June 12, 2009


BOCES programs switch city buildings

BOCES programs switch city buildings

BOCESBob Ellis/staff photographer
Onondaga-Cortland-Madison BOCES’ Center for New Careers on Port Watson Street will swap space with the BOCES Alternative Junior High School in the McEvoy Center on Route 13. Growing demand for BOCES’ adult career education programs has prompted the move.

Staff Reporter

Onondaga-Cortland-Madison BOCES’ Cortland-based adult education and alternative junior high school programs will switch locations as of June 30.
The BOCES Center for New Careers, which offers job training programs for adults, will move from its building on Port Watson Street to expanded facilities at the McEvoy Center on Route 13.
The Alternative Junior High School, for students in seventh through ninth grades who have trouble functioning in a traditional school setting, will move from McEvoy to the Port Watson Street building.
The adult education programs — which offer certificates and training in such careers as nursing, business and office skills, cosmetology, design, and heating, ventilation and air conditioning, as well as general education degree testing — will have more classroom space.
The switch was prompted by growth in the BOCES adult education training programs, which added programs this year in automotive technology and pharmacy technician work.
Adult education students will use an entrance on the back of the McEvoy Center.
The 30 students at the Alternative Junior High School will join the 55 students in grades 10 through 12 at the Alternative High School. The combined school will have a library, computer lab and science lab — all for the first time.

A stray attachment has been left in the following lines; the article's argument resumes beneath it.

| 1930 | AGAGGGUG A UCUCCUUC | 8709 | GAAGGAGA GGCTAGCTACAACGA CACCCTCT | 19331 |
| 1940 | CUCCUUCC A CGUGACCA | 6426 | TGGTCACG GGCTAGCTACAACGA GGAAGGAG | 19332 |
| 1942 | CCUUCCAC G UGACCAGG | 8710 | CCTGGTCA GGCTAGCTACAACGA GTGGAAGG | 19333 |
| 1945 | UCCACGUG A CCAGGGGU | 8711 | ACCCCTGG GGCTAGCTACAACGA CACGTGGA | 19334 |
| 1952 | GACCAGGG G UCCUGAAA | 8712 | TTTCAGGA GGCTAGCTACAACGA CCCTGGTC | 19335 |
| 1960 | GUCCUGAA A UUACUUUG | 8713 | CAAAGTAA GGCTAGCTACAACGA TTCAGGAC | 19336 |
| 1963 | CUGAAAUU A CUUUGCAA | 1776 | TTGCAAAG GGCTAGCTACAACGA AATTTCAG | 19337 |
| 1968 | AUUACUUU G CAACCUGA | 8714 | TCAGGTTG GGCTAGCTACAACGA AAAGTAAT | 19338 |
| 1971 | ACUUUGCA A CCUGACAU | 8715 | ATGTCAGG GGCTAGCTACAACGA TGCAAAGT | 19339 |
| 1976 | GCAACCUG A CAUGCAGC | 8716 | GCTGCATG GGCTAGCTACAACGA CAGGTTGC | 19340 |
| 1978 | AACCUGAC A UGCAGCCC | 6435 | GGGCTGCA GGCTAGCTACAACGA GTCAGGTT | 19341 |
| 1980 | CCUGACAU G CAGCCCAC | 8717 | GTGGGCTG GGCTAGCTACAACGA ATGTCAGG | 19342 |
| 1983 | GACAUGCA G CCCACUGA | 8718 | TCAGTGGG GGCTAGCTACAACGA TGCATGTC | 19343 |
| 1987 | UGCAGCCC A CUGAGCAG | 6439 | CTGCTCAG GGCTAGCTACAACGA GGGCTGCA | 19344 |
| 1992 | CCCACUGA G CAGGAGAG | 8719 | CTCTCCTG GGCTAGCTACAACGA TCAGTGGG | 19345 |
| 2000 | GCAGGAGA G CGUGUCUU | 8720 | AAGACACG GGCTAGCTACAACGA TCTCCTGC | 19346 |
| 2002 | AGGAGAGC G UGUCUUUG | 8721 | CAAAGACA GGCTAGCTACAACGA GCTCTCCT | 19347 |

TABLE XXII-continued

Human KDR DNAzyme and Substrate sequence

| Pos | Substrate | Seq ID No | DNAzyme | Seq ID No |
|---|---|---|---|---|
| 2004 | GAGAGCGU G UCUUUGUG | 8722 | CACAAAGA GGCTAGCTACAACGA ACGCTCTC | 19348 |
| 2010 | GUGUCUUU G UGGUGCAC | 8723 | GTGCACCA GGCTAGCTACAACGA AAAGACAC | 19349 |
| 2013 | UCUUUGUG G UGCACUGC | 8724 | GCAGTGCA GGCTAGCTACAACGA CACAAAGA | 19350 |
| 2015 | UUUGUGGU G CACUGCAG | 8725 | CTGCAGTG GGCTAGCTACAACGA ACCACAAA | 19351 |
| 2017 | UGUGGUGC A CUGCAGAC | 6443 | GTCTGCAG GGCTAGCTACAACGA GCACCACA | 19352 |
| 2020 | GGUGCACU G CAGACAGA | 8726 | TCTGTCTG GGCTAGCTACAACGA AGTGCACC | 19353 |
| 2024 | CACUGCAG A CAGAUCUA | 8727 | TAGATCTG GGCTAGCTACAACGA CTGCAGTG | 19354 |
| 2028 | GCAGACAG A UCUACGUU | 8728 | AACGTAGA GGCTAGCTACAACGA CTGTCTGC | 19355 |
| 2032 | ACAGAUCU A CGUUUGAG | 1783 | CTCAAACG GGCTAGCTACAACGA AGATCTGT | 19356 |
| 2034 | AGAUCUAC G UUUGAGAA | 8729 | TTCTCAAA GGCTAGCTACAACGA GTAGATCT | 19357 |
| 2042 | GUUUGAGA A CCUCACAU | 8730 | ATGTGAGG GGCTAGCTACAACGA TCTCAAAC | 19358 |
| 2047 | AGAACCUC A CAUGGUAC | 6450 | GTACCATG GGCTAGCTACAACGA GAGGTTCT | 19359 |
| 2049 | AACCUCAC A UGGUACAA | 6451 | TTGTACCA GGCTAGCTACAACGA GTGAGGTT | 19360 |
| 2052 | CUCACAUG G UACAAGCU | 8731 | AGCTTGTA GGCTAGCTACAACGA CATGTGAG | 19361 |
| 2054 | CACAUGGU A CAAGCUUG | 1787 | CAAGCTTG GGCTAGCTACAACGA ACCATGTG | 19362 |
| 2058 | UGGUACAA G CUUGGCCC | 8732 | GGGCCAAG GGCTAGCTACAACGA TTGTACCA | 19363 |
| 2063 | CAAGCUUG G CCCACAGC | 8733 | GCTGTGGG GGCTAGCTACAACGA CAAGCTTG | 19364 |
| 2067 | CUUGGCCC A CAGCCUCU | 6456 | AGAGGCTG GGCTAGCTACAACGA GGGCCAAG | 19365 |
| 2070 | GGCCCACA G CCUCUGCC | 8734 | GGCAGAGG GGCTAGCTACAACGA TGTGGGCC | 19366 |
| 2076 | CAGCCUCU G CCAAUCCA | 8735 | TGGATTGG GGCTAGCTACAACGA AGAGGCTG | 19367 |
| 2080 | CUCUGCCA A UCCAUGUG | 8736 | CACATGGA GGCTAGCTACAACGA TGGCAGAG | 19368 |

Karen Clark, director of alternative education, said the alternative senior high started at SUNY Cortland’s Van Hoesen Hall about 25 years ago and moved to the Port Watson Street building in 1999, while the junior high stayed at the McEvoy Center.
The high school currently has four classrooms, which it shared with night adult education courses.
Instead of a science lab, the high school students use a room where lab functions can be performed. There are computers for the classrooms but no computer lab.
Without a library, students have used the Cortland Free Library and BOCES library services to do research.
The cost involved in renovating McEvoy Center and reconfiguring rooms at Port Watson Street was not available.
“The new setup will allow us to share resources and staff,” said Jessica Cohen, OCM BOCES district superintendent.
As the Center for New Careers grew recently, with the new programs, BOCES administrators decided to make the switch, Clark said.
The 28-week pharmacy technician and 32-week automotive technology programs began last fall.


To read this article and more, pick up today's Cortland Standard
Click here to subscribe